My daughter’s medical diagnosis was like getting kicked in the head by a horse.
For four years I was consumed in medical hell as I managed the endless doctors’ appointments, hospitalizations and tests. The added stress of a custody battle and my parents’ deaths had me back in therapy, sipping Pinot Grigio for dinner.
“You’re just having bad luck,” a doctor once said to me over a bed in a crowded Pediatric Intensive Care Unit.
No joke. I just signed papers for an emergency blood transfusion.
When I finally re-entered the Manhattan dating scene in 2009, I was a hopeful romantic looking to escape. More so, not think. Having an open border dating policy helped numb the pain, but created a nastier version of Sex in the City.
The lessons in love came fast and furious. Finance guys, I soon found, while impressive with their Wharton degrees and money, favored expensive, trendy restaurants and prone to frat boy antics. While the unconventional ones, like playwrights and street artists, were always fun and charming, yet often didn’t have money to cover the tab.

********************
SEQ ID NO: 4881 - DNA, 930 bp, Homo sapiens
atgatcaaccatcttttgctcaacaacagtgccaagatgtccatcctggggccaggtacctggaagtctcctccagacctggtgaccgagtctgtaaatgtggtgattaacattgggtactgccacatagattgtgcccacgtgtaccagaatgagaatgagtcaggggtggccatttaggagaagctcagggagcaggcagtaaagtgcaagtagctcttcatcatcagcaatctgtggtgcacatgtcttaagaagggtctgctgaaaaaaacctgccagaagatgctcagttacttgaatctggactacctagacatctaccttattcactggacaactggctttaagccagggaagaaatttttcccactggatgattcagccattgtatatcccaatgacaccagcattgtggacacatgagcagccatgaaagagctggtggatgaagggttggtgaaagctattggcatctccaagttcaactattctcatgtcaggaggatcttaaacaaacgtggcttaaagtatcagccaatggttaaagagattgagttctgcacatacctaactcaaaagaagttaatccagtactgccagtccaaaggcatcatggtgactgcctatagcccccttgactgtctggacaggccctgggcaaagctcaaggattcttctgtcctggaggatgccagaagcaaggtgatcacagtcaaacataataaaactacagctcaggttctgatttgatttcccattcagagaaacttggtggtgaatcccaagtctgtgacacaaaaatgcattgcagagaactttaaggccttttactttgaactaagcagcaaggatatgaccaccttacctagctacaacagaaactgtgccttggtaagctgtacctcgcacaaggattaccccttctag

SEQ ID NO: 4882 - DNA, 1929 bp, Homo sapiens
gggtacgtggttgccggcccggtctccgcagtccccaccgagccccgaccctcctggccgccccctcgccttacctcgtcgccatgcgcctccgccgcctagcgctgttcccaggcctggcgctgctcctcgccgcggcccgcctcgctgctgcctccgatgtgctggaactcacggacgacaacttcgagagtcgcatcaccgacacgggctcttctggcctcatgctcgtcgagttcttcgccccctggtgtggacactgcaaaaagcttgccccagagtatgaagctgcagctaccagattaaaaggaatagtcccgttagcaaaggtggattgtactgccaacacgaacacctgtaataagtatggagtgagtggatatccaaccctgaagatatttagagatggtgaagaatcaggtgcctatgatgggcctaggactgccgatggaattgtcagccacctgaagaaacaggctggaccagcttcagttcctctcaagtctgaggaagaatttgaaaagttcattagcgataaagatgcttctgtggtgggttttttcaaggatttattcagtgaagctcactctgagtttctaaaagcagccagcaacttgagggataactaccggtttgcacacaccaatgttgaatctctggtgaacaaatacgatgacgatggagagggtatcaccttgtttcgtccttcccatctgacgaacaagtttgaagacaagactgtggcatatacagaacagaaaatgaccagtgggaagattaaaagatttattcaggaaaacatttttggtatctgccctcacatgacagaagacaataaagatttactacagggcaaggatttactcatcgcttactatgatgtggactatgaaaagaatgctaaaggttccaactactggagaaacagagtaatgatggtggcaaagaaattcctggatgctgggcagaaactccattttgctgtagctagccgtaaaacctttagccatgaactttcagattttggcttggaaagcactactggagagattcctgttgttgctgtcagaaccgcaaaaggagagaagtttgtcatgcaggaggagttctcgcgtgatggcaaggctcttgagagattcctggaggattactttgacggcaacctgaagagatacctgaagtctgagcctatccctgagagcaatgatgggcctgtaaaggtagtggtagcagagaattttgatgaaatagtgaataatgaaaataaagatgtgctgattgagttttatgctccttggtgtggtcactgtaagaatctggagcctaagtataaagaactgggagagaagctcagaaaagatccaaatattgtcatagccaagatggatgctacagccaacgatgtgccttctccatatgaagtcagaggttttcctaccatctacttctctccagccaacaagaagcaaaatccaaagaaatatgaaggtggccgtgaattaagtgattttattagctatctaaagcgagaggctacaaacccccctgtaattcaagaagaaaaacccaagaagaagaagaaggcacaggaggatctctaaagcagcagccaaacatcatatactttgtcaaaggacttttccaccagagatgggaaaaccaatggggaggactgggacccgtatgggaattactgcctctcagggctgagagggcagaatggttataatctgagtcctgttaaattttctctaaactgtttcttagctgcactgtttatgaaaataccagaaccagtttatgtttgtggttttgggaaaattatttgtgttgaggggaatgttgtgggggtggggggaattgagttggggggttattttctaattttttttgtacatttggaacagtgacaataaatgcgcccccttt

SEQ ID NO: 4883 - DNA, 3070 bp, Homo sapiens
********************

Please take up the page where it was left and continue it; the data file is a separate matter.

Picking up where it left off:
Stephen. Jeffrey. Thomas. Regardless, dates typically followed a pattern of a lot of pre-game excitement followed by some sort of sexual misconduct and me escaping Manhattan style – on a train or in a cab.
“You gotta blog about this stuff. No one would believe it,” a friend said upon hearing how a corporate bigwig suggested I be tied up.
And that I did. For 2 ½ years.
Blogging, while therapeutic, kept me in the spin cycle and constantly reliving the bad experiences. I became the single woman’s version of the Vietnam Viet with my flashbacks of bad dates. I eventually realized as colorful and funny as some of the stories were they’re all basically the same.
I panicked at the thought of being tied up. But isn’t the retelling of my encounters with the underbelly of Manhattan keeping me bound to the past?
I’ve told these stories and am now moving on. I’m shifting my focus.